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Anger Management

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So I decided to gather an iPod playlist of “angry” songs. (Never you mind why –let’s just say strong emotions can make for great songs, and leave it at that.) But as I’ve noted before, I have a pretty substantial list of songs to sort, and there’s no easy way to pick out which ones qualify as “angry”.

Of course, some are obvious — the “you done me wrong” songs. The classic Alanis “You Oughta Know” (I’m here to remind you of the mess you left when you went away), Marianne Faithfull’s incindiary “Why D’Ya Do It?” (Why d’ya do it she screamed, why d’ya do what you did. You drove my ego to a really bad skid.), Bob Geldof’s “One for You”, a parting shot at his ex-wife (You don’t even need to take your clothes off anymore. You’re a bit too old for that stuff, anyway.), and John Lennon’s outraged “Gimme Some Truth” (I’m sick and tired of hearing things from uptight, short-sighted, narrow-minded hypocrites. All I want is some truth).

But really, that could be a kind of short and possibly somewhat depressing playlist. Could at least expand it to that interesting category of songs about people whose behavior is frustrating, though they haven’t actually done anything to you. Billy Joel, of all people, is kind of a master at these — raging at the apathetic slacker in “Captain Jack” (You’re 21 and still your mother makes your bed. And that’s too long!), the show-off in “Big Shot” (When you wake up in the morning with your head on fire and your eyes too bloody to see, go on and cry in your coffee but don’t come bitching to me”). Lennon’s “Working Class Hero” (also covered brilliantly by Marianne Faithfull) is another fascinating example, as the anger really seems more directed at the working class for not realizing they are oppressed, and not that at those oppressing. “Keep you doped with religion and sex and TV. And you think you’re so clever and classless and free. But you’re still f-ing peasants, as far as I can see.”

Which brings us to songs featuring productive anger, the “we can change the world” kind of anger, of which Twisted Sister’s “We’re Not Gonna Take It” would be the lead example, if only I owned that song. But I do have Queen’s “Fight from Inside”, Springsteen’s “Born in the USA”, Lowest of the Low’s “Eating the Rich” (It’s an evolutionary chow-down), U2’s “Sunday Bloody Sunday” — and maybe The Clash’s “London Calling” qualifies here? (And I’m not sure how to sub-categorize Tori Amos’ Waitress: “I want to kill this waitress. She’s worked here for years. It would be a kindness.”)

Course you have to be careful about songs that sound angry, but aren’t really. Everything Billy Idol does sounds kind of angry, but I think he’s mostly going for horny. Except in “White Wedding” — “White Wedding” really is angry. And all punk and grunge sounds kind of angry, but “Blister is the Sun” and “I Wanna Be Sedated”, for example, are really just about teenage restlessness, not angry. “Lust for Life” is a happy song, no matter Iggy sounding a bit pissed off. And “Smells Like Teen Spirit”? I’m not convinced that “angry” is what it’s expressing. (He feels stupid and contagious. Here we are now. Entertain us.)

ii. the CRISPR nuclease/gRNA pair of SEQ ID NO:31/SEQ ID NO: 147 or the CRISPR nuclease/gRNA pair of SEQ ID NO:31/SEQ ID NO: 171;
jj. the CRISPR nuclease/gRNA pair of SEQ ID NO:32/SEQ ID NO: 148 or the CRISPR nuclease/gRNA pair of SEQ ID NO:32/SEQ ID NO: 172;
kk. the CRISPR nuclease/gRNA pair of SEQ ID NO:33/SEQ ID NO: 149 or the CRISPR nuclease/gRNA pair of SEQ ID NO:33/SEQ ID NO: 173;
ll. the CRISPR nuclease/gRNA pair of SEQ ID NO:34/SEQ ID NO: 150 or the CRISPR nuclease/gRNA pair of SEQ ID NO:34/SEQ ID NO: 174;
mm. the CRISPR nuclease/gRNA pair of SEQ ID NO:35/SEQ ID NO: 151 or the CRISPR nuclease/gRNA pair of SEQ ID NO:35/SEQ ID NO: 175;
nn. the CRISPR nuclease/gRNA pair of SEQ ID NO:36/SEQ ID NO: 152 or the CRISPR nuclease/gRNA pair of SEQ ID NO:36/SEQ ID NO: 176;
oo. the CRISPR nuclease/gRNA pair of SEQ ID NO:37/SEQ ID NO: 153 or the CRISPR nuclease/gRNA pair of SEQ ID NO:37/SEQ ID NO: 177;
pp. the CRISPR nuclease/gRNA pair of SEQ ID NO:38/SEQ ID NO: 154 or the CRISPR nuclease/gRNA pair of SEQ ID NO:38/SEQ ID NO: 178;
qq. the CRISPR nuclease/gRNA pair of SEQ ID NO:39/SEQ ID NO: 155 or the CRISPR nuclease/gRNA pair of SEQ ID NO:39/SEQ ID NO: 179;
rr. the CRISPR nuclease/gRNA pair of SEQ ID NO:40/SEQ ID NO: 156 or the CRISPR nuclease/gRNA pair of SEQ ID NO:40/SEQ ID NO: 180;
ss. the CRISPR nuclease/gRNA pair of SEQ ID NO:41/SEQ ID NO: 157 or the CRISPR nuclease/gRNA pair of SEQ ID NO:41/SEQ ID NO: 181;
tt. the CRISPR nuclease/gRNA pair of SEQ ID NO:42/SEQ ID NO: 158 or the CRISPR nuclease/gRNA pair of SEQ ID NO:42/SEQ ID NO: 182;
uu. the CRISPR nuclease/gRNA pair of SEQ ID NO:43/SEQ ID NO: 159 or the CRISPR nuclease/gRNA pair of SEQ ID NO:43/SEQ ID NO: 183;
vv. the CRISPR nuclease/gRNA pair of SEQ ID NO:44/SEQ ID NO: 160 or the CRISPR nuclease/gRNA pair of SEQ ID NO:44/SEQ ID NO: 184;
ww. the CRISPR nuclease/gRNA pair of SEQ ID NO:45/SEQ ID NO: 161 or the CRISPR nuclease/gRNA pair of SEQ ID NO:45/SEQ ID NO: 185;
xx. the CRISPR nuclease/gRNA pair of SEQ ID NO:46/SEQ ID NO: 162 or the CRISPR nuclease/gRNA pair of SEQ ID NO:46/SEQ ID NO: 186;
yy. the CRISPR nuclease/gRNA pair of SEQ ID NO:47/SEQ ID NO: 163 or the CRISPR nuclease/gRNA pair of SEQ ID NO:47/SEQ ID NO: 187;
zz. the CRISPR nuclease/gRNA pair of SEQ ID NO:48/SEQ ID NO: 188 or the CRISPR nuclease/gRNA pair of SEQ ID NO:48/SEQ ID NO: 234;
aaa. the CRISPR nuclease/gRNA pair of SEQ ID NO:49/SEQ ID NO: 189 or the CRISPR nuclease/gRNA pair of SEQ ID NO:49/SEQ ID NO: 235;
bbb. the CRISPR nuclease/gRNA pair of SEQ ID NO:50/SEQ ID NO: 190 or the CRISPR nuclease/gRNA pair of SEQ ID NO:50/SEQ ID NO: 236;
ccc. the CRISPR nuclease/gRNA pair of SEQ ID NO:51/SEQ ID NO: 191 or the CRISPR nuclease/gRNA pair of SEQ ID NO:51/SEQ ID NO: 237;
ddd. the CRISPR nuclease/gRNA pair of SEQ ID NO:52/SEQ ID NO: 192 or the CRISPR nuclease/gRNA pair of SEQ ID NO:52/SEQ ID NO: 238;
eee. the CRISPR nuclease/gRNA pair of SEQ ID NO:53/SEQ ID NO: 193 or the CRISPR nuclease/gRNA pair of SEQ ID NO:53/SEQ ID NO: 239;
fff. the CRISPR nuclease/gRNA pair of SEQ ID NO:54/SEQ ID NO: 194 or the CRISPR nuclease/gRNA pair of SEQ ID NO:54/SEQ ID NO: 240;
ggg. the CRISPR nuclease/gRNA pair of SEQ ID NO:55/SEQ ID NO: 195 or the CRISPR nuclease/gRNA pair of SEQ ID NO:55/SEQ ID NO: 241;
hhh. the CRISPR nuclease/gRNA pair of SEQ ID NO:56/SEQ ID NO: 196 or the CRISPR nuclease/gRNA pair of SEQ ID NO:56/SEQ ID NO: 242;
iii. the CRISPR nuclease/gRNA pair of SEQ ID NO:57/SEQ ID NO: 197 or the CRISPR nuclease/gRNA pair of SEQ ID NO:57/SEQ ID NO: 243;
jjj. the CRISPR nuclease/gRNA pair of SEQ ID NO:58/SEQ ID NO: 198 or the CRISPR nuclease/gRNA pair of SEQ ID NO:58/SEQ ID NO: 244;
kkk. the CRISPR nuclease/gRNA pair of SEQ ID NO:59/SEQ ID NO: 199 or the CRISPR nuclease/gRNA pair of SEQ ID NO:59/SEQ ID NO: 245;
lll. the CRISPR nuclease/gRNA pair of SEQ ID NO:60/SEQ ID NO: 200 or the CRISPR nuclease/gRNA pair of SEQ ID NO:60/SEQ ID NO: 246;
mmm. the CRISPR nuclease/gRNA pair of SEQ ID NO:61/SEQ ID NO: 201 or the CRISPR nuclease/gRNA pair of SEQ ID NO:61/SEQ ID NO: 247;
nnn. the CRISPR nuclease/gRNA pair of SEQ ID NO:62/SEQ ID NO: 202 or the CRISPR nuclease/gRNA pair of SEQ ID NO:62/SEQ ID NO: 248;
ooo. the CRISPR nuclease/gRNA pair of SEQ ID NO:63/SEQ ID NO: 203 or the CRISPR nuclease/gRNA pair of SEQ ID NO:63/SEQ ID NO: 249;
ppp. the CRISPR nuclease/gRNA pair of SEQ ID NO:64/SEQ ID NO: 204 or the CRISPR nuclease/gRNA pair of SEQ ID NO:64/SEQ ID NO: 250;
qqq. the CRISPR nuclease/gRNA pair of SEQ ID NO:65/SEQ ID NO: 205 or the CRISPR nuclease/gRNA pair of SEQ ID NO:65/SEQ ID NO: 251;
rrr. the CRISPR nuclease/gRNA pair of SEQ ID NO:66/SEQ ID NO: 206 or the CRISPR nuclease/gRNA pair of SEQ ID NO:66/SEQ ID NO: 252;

On the other hand, true anger can hide inside music that sounds kind of sweet and poppy. For example, Elvis Costello’s “I Want You” and Liz Phair’s “The Divorce Song” sound sort of sad and sweet, but there’s angry tension throughout. And ever really listen to the lyrics of Barenaked Ladies’ “Alcohol”, “One Week”, or “The Apartment”? Sure it all sounds poppy and bouncy and fun, but the singer is pissed off. He likes alcohol more than you. It will still be three days til he says he’s sorry. Why did you change the locks?

For some artists, tracing the anger pattern in their music is a biographical lesson. Beatles music has very little anger in it; just a bit peeps out in a few John Lennon tracks like “Run for Your Life”, “I’m So Tired”, and “Come Together” (though that last one, again, is probably more horny). But post-Beatles John Lennon? Holy, easier to par out the few songs that aren’t angry. Until the last album, which — other than “I’m Losing You” — shows he’s found some peace.

Bob Geldof’s first album with the Boomtown Rats is highly pissed off, then becomes less so with subsequent albums, as the band’s success grows. His first three post-Rats, post-Live Aid albums reveal a man fairly satisfied, even happy. The last? A man whose wife has left him for another man. A man enraged. A man who has just put out the best album of his career (Sex, Age and Death).

I know the only feeling you have is rage
And I know that I’d feel the same as you, but
I think you’d better take a good look around you ’cause
You’re so pissed you can’t even find your drink

Sometimes it’s wise
To know which way the gun is pointing
Before you yell, “I see the whites of their eyes.”
Sometimes you’ll find your senses all disjointed by
The lines and wires of salesmen, cheats and liars

— Salesmen, Cheats and Liars by Lowest of the Low

Rage wisely.

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